This Washington Capitals team has become awfully predictable, hasn’t it?

With the recent history of swoons and slips against teams well behind them in points totals, a fierce battle and dramatic victory or the road yesterday against the top team in the East, and their 3-4-1 record in the second of back-to-backs when they win that first, one could reasonably predict a loss today.

But who thought it would be such four-goal deficit ugliness?  The last time the Caps lost by four at home was . . . the last game featuring Glen Hanlon pacing behind the Washington bench.

This morning, the team faced an opportunity to extend a division lead to a comical 17 points.  And that lead is still fairly insurmountable.

However, though the calendar has turned to March and warmer climes teased us a bit in these parts, winter weather returned impressively to the Northeast Corridor this morning.  Watching large snowflakes carried by a stiff breeze as I sipped my first mug of coffee, I took it as a sign that the regular season is, well, not quite over.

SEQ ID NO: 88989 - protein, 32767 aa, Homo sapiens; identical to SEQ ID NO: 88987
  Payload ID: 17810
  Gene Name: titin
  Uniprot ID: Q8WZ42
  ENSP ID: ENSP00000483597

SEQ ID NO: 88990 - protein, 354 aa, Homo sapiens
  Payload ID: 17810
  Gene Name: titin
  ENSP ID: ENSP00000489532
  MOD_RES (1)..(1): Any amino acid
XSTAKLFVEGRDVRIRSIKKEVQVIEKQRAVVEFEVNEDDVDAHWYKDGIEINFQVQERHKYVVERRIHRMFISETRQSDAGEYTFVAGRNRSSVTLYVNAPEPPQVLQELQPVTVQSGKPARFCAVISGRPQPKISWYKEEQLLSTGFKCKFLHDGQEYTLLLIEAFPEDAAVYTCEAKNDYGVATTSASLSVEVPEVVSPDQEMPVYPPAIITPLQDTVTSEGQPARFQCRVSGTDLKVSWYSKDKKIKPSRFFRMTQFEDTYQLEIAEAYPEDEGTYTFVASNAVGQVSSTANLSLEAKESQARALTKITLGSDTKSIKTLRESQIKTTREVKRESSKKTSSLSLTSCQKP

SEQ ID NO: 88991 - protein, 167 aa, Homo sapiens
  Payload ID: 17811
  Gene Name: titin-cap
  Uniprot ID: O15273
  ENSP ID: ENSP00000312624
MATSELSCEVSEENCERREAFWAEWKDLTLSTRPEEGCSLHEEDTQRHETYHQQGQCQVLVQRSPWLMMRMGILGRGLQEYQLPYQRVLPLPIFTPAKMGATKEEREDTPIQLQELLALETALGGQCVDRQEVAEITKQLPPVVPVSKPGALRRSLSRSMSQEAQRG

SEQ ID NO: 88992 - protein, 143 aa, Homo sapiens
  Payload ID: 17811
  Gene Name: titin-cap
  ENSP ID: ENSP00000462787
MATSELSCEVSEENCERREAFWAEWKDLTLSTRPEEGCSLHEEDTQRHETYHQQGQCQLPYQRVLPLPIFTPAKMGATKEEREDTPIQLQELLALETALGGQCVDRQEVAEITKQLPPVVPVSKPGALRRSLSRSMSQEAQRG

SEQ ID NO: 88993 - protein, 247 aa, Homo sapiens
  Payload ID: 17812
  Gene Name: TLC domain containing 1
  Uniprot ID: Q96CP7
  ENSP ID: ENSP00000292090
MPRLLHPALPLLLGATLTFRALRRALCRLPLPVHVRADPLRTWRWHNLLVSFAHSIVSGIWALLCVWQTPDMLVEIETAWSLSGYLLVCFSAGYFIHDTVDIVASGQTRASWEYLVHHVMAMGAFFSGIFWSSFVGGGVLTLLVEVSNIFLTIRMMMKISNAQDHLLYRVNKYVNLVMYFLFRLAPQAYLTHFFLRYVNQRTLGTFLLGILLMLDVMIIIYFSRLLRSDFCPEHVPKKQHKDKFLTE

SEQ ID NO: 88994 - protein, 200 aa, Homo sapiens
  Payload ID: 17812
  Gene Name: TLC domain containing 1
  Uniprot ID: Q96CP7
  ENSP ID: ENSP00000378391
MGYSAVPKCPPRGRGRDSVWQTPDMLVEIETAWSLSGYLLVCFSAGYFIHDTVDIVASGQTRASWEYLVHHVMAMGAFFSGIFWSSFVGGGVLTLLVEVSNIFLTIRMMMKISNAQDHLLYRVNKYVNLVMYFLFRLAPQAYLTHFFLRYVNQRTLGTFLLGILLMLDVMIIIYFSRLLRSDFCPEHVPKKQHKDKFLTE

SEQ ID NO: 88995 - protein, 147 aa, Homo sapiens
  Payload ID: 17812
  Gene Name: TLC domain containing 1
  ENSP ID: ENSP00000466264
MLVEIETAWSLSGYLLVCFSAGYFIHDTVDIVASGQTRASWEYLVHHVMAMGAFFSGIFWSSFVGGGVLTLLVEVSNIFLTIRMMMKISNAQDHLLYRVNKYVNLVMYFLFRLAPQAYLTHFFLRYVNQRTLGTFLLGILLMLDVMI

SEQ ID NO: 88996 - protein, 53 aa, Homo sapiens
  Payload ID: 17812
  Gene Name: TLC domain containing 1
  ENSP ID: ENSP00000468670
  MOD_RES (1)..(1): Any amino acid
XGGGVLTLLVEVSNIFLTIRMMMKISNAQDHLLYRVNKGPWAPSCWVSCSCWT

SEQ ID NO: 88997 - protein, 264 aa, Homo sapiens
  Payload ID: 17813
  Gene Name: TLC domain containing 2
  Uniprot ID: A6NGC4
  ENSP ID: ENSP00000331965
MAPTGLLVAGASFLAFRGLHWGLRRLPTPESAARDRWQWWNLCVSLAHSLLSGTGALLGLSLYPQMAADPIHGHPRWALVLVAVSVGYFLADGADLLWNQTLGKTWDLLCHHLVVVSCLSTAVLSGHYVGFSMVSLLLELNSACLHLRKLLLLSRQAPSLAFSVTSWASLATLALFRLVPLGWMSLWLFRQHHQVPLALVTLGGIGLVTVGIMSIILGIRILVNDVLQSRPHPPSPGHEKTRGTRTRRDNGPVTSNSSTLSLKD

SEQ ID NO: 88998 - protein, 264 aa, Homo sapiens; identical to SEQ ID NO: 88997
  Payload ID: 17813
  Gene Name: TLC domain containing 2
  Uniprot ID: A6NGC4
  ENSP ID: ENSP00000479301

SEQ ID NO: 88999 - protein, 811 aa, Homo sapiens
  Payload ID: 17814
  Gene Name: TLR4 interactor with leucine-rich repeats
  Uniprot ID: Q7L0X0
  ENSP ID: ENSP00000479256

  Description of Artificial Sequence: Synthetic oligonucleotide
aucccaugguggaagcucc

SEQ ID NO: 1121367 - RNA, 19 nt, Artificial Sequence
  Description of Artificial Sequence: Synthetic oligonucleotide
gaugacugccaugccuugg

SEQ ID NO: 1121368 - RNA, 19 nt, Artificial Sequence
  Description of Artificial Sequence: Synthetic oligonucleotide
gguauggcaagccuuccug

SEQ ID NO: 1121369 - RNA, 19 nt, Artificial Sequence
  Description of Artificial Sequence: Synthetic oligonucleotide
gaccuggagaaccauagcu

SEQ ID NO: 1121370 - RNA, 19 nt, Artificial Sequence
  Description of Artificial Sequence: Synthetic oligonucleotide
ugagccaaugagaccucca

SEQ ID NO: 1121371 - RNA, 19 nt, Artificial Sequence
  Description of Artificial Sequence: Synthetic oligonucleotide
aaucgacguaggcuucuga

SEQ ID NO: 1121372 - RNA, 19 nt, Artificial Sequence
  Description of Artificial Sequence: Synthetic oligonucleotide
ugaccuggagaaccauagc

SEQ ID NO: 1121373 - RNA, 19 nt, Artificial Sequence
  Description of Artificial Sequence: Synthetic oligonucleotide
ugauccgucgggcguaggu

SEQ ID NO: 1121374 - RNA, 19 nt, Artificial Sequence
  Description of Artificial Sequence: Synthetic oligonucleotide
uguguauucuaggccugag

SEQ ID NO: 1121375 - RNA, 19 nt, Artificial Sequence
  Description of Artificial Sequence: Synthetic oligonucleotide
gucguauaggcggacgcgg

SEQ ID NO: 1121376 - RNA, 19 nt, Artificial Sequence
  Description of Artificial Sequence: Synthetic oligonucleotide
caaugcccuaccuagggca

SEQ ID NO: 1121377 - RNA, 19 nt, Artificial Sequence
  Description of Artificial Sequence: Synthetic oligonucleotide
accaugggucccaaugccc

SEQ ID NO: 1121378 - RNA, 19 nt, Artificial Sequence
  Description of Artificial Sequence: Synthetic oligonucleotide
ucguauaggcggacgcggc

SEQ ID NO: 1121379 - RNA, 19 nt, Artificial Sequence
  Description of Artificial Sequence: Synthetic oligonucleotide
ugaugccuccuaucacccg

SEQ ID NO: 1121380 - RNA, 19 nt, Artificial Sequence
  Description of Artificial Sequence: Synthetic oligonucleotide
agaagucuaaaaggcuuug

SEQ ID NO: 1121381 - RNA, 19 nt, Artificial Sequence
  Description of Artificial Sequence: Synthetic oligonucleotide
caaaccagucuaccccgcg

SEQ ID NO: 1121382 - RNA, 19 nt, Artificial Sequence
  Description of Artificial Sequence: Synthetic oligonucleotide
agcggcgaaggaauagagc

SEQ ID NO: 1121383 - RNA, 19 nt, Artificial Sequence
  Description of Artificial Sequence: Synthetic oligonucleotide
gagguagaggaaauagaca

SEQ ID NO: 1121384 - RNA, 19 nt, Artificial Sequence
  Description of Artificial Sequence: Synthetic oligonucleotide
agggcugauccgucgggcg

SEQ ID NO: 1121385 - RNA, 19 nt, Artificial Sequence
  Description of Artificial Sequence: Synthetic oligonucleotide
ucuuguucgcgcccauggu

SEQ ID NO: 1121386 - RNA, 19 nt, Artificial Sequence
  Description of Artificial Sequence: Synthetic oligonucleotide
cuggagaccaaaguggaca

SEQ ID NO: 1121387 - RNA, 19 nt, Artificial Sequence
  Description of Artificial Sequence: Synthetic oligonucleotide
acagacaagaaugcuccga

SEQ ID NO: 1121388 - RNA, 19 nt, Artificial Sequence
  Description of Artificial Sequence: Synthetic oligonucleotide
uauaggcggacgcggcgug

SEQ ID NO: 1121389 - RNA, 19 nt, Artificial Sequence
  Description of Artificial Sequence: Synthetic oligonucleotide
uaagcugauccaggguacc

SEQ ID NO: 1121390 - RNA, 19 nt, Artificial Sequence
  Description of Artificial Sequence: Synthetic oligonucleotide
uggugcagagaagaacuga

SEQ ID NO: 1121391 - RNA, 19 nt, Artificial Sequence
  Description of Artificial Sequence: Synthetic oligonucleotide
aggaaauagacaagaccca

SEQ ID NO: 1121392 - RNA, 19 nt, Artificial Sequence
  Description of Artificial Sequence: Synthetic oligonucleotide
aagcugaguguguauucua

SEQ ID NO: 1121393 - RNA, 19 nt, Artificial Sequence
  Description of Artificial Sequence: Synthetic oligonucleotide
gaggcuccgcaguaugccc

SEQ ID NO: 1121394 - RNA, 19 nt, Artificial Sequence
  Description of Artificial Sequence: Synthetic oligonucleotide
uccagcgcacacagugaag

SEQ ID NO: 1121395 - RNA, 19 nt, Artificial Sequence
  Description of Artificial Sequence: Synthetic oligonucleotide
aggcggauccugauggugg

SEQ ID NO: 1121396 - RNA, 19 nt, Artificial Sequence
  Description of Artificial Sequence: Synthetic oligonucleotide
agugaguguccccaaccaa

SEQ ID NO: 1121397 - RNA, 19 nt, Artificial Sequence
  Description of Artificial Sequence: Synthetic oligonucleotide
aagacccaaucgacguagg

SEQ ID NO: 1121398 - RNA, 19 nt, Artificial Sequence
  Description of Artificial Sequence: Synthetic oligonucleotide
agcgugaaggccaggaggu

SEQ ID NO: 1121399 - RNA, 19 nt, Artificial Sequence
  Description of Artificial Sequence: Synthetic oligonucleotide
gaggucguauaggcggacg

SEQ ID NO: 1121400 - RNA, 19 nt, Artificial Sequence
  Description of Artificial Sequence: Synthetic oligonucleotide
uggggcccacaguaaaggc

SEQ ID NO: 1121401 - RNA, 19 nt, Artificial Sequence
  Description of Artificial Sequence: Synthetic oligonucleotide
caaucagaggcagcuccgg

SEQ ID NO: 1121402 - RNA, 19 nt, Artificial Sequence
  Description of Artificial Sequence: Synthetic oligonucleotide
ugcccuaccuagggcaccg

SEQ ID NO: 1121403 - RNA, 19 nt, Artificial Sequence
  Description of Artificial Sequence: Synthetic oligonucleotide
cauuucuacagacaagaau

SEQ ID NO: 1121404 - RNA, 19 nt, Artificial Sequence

And there’s now a lengthy storm of eleven more games out of the last 18 against Southeast foes.  Against whom the team seems lately to have little interest in playing against.  In fact, the only teams that they will face in the remaining slate which currently hold a playoff berth are the two from Pennsylvania.

At least we know that they’ll be ready for those games. 

As it was more than a month ago, the remainder of the season will in all likelihood decide only whether Les Capitals will finish second or third in the conference.  And that really begins and ends the significance of all of these Southeast games.

At least in the standings.

The weightiest concern now is how not getting fired up to play all of these games against opponents far in their rear view mirror is going to affect momentum entering the playoffs.